Just A Thought

15 December, 2017 / 0 Comments / Headmaster Updates

Papa Panov 

by Leo Tolstoy

Papa Panov is an elderly cobbler who lives by himself in a small Russian village.

His wife has passed and his children are all grown up. Alone on Christmas Eve in his shop, Papa Panov decides to open the old family Bible and reads the Christmas story about the birth of Jesus.

That night, he has a dream in which Jesus comes to him. Jesus says that he will visit Papa Panov in person tomorrow, but that he will have to pay special attention since the disguised Jesus will not reveal his identity.

Papa Panov wakes up the next morning, excited about Christmas Day and meeting his potential visitor. He notices that a street sweeper is working early in on a cold winter morning. Touched by his hard work and dejected appearance, Papa Panov invites him inside for a hot cup of coffee.

Later in the day, a single mother with a worn face too old for her young age walks down the street clutching her baby. Again, Papa Panov invites them in to warm up and even gives the baby a beautiful brand new pair of shoes that he made.

As the day goes by, Papa Panov keeps his eyes peeled for his holy visitor. But he only sees neighbors and beggars on the street. He decides to feed the beggars. Soon it is dark and Papa Panov retires indoors with a sigh, believing his dream was only a dream. But then the voice of Jesus speaks and it is revealed that Jesus came to Papa Panov in each and every person he helped today, from the street sweeper to the local beggar.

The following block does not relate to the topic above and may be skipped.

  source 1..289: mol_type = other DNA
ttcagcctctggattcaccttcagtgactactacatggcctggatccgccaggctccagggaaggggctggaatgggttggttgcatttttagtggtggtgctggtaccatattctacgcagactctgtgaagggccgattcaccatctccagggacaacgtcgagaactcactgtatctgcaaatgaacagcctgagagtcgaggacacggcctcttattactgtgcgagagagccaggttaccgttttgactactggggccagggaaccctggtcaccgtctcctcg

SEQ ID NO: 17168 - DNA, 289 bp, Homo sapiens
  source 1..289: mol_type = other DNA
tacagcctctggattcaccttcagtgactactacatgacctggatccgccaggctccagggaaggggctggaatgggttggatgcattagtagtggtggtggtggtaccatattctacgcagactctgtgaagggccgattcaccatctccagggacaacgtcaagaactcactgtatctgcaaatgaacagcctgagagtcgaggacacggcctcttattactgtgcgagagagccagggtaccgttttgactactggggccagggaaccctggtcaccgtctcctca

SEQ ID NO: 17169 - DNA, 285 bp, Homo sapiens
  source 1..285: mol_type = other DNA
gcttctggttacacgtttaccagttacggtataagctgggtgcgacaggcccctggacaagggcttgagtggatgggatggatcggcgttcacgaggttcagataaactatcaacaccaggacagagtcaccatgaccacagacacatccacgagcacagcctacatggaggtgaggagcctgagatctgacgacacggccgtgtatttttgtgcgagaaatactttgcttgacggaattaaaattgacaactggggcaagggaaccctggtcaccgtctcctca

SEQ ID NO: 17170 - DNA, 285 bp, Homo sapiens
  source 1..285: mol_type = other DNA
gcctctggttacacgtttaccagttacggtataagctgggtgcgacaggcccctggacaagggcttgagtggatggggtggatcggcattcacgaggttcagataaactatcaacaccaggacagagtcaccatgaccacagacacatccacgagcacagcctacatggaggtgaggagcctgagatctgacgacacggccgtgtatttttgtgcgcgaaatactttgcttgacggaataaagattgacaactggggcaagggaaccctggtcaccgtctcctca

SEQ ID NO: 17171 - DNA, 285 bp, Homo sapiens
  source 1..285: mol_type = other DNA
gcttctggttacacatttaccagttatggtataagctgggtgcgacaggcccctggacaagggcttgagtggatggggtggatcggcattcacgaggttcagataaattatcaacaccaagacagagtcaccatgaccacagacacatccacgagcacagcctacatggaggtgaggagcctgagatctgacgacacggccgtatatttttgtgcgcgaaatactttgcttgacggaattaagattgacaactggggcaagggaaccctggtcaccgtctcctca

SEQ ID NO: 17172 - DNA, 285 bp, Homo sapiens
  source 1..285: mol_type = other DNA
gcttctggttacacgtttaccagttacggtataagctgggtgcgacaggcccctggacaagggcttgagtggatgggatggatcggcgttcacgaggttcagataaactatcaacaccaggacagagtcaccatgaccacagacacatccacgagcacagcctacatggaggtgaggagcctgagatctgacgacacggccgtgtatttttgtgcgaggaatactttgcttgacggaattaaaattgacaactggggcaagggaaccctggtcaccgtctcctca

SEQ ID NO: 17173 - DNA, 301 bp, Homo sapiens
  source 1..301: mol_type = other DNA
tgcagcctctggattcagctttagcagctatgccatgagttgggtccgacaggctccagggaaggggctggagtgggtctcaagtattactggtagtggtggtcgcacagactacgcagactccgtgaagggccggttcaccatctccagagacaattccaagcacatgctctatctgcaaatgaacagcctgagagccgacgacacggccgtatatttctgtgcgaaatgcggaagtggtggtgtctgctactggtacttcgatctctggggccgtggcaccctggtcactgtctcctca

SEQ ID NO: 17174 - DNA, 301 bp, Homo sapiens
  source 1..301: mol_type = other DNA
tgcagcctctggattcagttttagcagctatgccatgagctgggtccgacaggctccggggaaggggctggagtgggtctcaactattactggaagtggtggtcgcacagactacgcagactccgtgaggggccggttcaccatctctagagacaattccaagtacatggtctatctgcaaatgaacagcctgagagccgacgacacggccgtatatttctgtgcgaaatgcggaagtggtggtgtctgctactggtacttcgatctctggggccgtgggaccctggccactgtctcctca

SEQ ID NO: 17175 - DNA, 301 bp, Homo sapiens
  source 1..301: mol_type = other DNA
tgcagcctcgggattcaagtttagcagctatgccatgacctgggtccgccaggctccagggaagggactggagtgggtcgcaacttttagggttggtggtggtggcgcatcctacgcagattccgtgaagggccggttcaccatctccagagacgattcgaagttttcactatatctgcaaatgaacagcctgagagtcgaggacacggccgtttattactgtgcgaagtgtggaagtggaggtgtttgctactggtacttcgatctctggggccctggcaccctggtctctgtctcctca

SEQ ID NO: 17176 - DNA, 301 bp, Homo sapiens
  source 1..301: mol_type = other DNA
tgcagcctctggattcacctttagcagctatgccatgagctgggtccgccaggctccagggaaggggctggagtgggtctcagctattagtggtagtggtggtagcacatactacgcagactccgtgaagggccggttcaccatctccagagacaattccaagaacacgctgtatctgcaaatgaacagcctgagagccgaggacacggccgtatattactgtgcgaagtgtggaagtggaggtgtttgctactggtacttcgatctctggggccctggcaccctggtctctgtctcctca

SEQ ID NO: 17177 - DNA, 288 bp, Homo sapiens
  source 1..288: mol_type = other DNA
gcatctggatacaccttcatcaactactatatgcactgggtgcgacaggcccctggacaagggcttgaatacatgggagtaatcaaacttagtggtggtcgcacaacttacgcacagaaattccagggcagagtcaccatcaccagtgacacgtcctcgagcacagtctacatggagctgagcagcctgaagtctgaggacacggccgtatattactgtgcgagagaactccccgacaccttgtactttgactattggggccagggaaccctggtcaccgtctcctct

What does it all mean?

The voice of Jesus comes to Papa Panov at the end saying,

“‘I was hungry and you fed me,’ he said. ‘I was naked and you clothed me. I was cold and you warmed me. I came to you today in every one of those you helped and welcomed.’”

This relates to Matthew 25:40,

“For I was hungry, and you gave me meat: I was thirsty, and you gave me drink: I was a stranger, and you took me in…Verily I say unto you, Inasmuch as you have done it unto one of the least of these my brothers, you have done it unto me.” 

In being kind and charitable, Papa Panov reaches Jesus.

Tolstoy’s short story serves as a good reminder that the spirit of Christmas doesn’t revolve around getting material presents, but rather giving to others beyond your immediate family.

Enjoy your holiday. Treasure your friends. Love your family. Be charitable. Remember the true spirit of Christmas.